"Most people who saw it attributed it to that - to the notion that there are growing differences between the US and Israel, and Netanyahu isn't being helpful on the peace process."
But William Daroff, head of the United Jewish Communities' Washington office, said the timing of the poll affected the results, as it was conducted during the height of US-Israeli sniping following Obama's Cairo speech and before Netanyahu's own address endorsing a two-state solution.
"Any poll is a snapshot" in time, he said. "The snapshot showed less support for where Israeli stood, but my sense is that if you took the snapshot again, American popular support would be more like it was in January."
Nir stressed that "the disagreement is still very much there" between the parties, raising questions as to how different a new poll would be.
But one more recent survey released by Rasmussen on Monday, albeit it with slightly different questions, shows that 70% of Americans consider Israel an ally (with only 8% calling it an enemy), significantly closer than the next-highest Middle Eastern country, Egypt, at 39%.
Regardless of the polls, Daroff didn't see much long-term effect from the current discord.
"At present, I think this is just another road bump in a very long relationship, and will not really impact on American popular support for Israel," he said. "If we go through eight years of growing and deepening disputes, that's a different story. But I don't think we're anywhere near that yet."
Daroff pointed to historical precedents that don't support the thesis that tension between Washington and Jerusalem changes American attitudes, such as with Netanyahu and then US president Bill Clinton in the 1990s.
"There's been a pretty constant level of support," concurred Malcolm Hoenlein, executive vice chairman of the Conference of Presidents of Major Jewish Organizations, of US attitudes towards Israel. "There are always fluctuations in the US-Israeli relationship and support for Israel has remained steady throughout."
Hoenlein noted that more than four dozen US congressmen were visiting Israel during the summer recess and that over 70 senators signed a letter Monday backing Israel in the peace process.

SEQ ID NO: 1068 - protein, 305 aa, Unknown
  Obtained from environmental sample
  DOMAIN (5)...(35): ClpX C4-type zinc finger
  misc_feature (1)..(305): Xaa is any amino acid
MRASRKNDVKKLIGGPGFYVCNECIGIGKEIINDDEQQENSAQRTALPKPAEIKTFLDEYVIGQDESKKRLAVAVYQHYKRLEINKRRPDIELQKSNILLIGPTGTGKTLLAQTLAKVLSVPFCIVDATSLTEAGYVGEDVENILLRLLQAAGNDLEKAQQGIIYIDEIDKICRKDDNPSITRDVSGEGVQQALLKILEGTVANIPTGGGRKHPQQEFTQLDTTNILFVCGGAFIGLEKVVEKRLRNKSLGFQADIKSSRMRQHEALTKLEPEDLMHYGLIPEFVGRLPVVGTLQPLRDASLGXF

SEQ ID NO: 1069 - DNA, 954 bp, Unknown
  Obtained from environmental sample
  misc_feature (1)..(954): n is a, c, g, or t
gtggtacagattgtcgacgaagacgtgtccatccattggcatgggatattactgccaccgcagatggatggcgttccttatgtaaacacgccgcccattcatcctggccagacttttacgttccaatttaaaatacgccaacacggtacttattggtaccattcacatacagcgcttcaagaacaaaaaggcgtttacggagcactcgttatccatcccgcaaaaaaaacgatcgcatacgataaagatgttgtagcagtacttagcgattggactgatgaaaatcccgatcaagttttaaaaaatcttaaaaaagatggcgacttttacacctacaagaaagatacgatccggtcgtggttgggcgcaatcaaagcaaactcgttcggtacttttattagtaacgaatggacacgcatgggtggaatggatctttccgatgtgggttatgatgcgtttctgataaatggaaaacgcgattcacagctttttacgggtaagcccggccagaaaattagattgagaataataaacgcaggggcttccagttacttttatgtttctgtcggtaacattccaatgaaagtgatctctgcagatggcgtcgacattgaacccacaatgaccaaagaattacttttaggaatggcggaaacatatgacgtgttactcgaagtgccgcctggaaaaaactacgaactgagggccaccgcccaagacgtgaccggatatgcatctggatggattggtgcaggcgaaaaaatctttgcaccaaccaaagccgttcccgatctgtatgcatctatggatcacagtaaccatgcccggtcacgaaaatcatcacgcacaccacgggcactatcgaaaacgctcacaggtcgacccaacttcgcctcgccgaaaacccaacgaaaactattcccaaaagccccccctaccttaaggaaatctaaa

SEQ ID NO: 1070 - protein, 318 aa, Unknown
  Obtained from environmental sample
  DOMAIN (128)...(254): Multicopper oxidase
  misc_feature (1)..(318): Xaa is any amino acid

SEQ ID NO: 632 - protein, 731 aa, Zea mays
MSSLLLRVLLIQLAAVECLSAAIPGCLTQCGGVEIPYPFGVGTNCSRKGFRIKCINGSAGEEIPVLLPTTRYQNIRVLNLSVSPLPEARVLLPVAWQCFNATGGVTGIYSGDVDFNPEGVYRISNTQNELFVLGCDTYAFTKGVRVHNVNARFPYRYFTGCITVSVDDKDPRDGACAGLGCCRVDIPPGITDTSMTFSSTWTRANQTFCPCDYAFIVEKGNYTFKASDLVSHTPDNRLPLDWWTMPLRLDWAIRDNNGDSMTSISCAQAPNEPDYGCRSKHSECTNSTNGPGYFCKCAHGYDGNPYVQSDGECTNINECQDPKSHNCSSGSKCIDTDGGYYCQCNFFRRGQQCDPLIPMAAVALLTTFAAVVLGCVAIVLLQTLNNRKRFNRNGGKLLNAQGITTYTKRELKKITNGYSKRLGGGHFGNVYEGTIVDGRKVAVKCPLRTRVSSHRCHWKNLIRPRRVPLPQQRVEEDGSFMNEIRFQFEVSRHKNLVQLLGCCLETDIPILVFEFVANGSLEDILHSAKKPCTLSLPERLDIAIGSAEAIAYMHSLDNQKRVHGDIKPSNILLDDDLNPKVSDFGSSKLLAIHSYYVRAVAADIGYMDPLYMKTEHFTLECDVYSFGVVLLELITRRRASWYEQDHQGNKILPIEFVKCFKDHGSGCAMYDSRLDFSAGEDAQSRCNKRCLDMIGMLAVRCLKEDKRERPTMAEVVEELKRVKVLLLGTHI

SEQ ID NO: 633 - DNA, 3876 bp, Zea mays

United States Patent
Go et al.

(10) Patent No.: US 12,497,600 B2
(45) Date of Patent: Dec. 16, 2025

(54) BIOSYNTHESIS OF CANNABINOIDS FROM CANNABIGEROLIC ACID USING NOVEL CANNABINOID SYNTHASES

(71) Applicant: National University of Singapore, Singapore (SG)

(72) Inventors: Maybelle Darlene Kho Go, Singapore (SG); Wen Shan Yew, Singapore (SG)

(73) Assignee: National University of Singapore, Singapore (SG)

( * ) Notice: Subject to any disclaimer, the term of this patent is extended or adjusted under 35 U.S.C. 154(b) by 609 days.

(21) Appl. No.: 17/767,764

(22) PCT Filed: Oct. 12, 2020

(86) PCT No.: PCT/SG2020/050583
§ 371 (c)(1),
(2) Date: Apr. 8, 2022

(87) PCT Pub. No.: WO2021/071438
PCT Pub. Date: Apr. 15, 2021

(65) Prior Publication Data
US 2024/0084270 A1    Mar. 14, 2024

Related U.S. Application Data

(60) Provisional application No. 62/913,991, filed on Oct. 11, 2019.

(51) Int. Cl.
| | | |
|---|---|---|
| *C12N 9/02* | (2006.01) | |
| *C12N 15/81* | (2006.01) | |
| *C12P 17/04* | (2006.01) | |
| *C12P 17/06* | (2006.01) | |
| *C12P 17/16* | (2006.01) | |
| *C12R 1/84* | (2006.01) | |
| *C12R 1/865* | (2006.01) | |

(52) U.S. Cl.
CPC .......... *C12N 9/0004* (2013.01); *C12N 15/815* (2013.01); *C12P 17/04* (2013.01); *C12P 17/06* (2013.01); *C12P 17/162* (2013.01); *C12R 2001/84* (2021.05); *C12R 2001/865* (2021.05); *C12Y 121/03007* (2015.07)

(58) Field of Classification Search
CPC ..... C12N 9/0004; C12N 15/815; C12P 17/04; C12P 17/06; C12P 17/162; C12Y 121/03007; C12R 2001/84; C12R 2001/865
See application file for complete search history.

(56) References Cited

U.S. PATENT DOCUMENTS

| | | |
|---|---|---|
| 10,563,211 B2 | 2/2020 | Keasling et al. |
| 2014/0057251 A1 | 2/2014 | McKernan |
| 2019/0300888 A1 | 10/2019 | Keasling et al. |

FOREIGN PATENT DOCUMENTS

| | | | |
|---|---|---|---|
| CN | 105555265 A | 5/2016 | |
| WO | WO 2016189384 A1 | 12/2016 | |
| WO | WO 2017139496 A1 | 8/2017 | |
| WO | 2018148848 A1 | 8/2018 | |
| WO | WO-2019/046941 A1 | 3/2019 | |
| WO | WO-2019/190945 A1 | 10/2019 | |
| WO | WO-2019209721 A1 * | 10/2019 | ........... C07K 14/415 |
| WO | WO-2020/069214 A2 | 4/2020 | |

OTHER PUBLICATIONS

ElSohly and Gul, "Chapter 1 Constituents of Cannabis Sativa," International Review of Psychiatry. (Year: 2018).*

"The fact that so many senators signed up in support of that letter [shows] the relationship has not been diminished," he said.
The letter to Obama, sponsored by Evan Bayh (D-IN) and James Risch (R-ID) and signed onto by Senate Majority Leader Harry Reid (D-NV) and Senate Minority Leader Mitch McConnell (R-KY), asks what steps the White House is taking to encourage Arab leaders to make gestures toward Israel and work toward peace.
It also praises Israel for taking "concrete measures to reaffirm its commitment to advancing the peace process."
"The US and Israel know they have to work together and the American people understand," Hoenlein said of the challenges in the Middle East. "They don't have to agree with everything Israel does. They don't agree with everything their own government does - that doesn't diminish support for America."
But another Jewish leader from a mainstream organization, speaking on condition of anonymity said, "It's not good for Israel for there to be loud and constant references to disagreements with the American government. That will inevitably have an impact on how Americans see Israel, and how Israelis see America. So that could certainly be in the prime minister's mind as he deals with these issues."